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Osmotic Pressure Copyright © 2011 Pearson Canada Inc. General Chemistry: Chapter 13 Slide 1 of 46 πV = nRT π = RT n V = MRT For dilute solutions of nonelectrolytes:

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Presentation on theme: "Osmotic Pressure Copyright © 2011 Pearson Canada Inc. General Chemistry: Chapter 13 Slide 1 of 46 πV = nRT π = RT n V = MRT For dilute solutions of nonelectrolytes:"— Presentation transcript:

1 Osmotic Pressure Copyright © 2011 Pearson Canada Inc. General Chemistry: Chapter 13 Slide 1 of 46 πV = nRT π = RT n V = MRT For dilute solutions of nonelectrolytes:

2 Osmotic Pressure 2. A g sample of an organic compound is dissolved in 225 mL of solvent at C to produce a solution with an osmotic pressure of 3.36 mm Hg. What is the molar mass of the organic compound? 3. What additional information would be required to determine the molecular formula as well as the molar mass?

3 Henry’s Law 4. At 0 0 C a 1.00L aqueous solution contains mL of dissolved oxygen when the O 2 (g) pressure above the solution is 1.00 atm. What would be the molarity of oxygen in the solution if the oxygen gas pressure above the solution were instead 4.15 atm?

4 Freezing-Point Depression and Boiling Point Elevation of Nonelectrolyte Solutions A Colligative property. – Depends on the number of particles present. Vapor pressure is lowered when a solute is present. – This results in boiling point elevation. – Freezing point is also effected and is lowered. Copyright © 2011 Pearson Canada Inc. General Chemistry: Chapter 13 Slide 4 of 46

5 Vapor-pressure lowering by a nonvolatile solute FIGURE Copyright © 2011 Pearson Canada Inc. General Chemistry: Chapter 13 Slide 5 of 46 ΔT f = -K f  m ΔT b = +K b  m

6 Copyright © 2011 Pearson Canada Inc. General Chemistry: Chapter 13 Slide 6 of 46 ΔT f = -K f  mΔT b = +K b  m

7 Practical Applications Copyright © 2011 Pearson Canada Inc. Slide 7 of 46General Chemistry: Chapter 13

8 Solutions of Electrolytes Svante Arrhenius – Nobel Prize – Ions form when electrolytes dissolve in solution. – Explained anomalous colligative properties. Copyright © 2011 Pearson Canada Inc. General Chemistry: Chapter 13Slide 8 of 46 ΔT f = -K f  m = -1.86°C m -1  m = °C Compare m aqueous urea to m NaCl (aq) Freezing point depression for NaCl is °C.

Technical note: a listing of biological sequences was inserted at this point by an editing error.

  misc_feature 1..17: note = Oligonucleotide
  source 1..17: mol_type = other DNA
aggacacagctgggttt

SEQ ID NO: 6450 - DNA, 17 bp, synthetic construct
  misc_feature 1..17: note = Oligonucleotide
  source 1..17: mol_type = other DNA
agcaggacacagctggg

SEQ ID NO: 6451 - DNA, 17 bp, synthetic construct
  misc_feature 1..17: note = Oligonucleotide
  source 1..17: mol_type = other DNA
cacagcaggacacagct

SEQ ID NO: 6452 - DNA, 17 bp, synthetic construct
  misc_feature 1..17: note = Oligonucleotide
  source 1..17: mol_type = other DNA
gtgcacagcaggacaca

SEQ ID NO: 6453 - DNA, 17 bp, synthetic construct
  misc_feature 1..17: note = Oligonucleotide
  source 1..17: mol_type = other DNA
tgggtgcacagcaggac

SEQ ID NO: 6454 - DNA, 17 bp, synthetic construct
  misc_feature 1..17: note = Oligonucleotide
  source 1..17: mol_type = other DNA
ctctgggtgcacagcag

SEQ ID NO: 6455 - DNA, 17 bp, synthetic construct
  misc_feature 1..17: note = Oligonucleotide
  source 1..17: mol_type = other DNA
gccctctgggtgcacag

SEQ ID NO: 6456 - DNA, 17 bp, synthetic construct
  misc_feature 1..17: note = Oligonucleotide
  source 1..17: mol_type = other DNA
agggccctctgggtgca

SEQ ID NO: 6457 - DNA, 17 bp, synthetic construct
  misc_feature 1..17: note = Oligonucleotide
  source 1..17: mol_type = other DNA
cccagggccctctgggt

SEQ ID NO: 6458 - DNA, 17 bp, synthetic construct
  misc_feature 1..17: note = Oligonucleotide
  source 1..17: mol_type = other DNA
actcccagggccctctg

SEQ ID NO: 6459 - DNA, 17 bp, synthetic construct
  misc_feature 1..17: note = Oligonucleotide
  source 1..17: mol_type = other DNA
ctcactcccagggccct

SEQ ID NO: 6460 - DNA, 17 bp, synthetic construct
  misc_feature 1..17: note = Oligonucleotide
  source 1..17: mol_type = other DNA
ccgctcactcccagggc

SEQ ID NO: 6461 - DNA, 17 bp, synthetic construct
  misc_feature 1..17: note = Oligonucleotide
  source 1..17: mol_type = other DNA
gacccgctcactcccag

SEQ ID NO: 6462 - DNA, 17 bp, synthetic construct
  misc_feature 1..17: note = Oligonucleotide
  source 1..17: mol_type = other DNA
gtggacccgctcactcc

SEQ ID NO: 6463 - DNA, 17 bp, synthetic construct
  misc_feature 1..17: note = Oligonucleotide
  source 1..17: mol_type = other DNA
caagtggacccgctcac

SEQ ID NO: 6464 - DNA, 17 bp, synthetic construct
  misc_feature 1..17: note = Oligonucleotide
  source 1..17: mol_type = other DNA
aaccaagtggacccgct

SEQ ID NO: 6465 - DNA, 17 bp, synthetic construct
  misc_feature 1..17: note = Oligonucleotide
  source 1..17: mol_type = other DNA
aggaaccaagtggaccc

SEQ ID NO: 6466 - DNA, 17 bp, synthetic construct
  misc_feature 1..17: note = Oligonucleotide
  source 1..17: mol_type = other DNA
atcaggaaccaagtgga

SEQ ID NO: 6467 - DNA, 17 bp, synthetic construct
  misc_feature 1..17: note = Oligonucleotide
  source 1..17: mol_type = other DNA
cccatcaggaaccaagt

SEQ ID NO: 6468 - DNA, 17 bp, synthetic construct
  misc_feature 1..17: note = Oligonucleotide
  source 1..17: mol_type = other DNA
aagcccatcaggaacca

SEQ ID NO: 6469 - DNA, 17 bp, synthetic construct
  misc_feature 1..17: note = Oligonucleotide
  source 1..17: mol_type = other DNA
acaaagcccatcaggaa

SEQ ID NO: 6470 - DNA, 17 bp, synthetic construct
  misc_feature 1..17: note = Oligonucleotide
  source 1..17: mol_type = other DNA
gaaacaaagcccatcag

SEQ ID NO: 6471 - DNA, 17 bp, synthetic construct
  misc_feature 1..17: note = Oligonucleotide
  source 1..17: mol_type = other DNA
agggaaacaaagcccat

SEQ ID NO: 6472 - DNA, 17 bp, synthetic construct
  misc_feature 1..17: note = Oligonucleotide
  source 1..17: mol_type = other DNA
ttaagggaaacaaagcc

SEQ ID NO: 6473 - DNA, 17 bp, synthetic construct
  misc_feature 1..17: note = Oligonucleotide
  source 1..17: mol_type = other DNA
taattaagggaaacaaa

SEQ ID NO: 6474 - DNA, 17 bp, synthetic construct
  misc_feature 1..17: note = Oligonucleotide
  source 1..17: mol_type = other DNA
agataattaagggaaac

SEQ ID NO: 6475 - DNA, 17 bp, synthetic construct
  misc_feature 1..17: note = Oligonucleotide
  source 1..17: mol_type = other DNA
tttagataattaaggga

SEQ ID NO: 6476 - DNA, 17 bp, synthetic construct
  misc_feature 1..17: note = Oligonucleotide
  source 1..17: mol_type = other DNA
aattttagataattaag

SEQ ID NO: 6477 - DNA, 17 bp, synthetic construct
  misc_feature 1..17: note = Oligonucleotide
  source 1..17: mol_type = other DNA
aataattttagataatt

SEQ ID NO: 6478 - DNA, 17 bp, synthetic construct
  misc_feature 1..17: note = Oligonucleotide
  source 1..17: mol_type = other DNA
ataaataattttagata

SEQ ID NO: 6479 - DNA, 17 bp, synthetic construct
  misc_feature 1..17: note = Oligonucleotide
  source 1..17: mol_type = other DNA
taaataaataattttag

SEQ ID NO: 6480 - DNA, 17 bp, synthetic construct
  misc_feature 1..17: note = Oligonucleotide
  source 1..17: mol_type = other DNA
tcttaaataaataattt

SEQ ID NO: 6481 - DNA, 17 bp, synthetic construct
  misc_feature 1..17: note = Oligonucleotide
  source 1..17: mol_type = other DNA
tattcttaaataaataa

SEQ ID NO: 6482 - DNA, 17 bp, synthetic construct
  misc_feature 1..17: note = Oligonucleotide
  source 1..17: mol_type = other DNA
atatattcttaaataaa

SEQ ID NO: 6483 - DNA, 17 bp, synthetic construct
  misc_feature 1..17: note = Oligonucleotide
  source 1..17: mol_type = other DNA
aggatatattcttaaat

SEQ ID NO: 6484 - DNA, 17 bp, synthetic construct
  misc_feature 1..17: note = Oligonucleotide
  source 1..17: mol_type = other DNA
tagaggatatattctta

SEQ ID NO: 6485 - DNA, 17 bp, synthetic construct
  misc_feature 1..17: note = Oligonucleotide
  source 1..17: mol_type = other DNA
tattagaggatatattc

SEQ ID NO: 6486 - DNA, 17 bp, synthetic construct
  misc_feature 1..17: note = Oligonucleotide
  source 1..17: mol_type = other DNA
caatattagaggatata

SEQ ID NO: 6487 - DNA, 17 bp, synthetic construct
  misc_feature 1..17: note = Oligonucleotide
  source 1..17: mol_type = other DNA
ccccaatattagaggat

9 Van’t Hoff Copyright © 2011 Pearson Canada Inc. General Chemistry: Chapter 13Slide 9 of 46 ΔT f = -i  K f  m i = == 1.98 measured ΔT f ΔT b = i  K b  m expected ΔT f °C °C π = i  M  RT

10 Interionic Interactions Copyright © 2011 Pearson Canada Inc. Slide 10 of 46General Chemistry: Chapter 13 Arrhenius theory does not correctly predict the conductivity of concentrated electrolytes.

11 Interionic Interactions The data on the previous slide show that solutions of electrolytes behave less ideally as (1) ionic charges increase and (2) electrolyte concentraion increases. Are there correspondences to nonideal gas behaviour? The latter manifests itself at high P and low T (high gas “concentration”) and as molecules become more polar or polarizable.

12 Ideal van’t Hoff Factors (Aqueous Solutions): We need to (a) identify covalent and ionic substances by inspecting their chemical formulas and (b) for ionic compounds (and strong acids) determine how many ions are formed in solution per formula unit of solute dissolved. Examples are given on the next slide.

13 Van’t Hoff “i Factors”: Chemical NameChemical FormulaIonic/Covalent ?Ideal “i” value SucroseC 12 H 22 O 11 Covalent1 Potassium nitrateKNO 3 Ionic2 Urea(NH 2 ) 2 C=OCovalent1 Magnesium chloride MgCl 2 Ionic3 Aluminum nitrateAl(NO 3 ) 3 Ionic4 Lead (II) iodidePbI 2 Ionic3 Copper (II) nitrate hexahydrate Cu(NO 3 ) 2 ∙6H 2 OIonic Hydrochloric acidHCl(aq) Potassium hydroxide

14 Boiling Pt. and Freezing Pt. Changes Ex. 2. If 3.30 g of ammonium nitrate were dissolved in 475 g of water what would you expect the boiling point and freezing point of the solution to be? (K b and K f values for water are C m -1 and C m -1.) (Mention different form of “freezing pt. equation” in some texts?)

15 Freezing and Boiling Points Ex. 3. Which aqueous solution would have a higher boiling point? (a) 1.00 m sucrose (C 12 H 22 O 11 ) or (b) m calcium nitrate? Ex. 4. Which aqueous solution would have the lowest freezing point? (a) 1.20 m sucrose, (b) m sodium chloride (c) m magnesium nitrate or (d) m copper (II) sulfate? Why?

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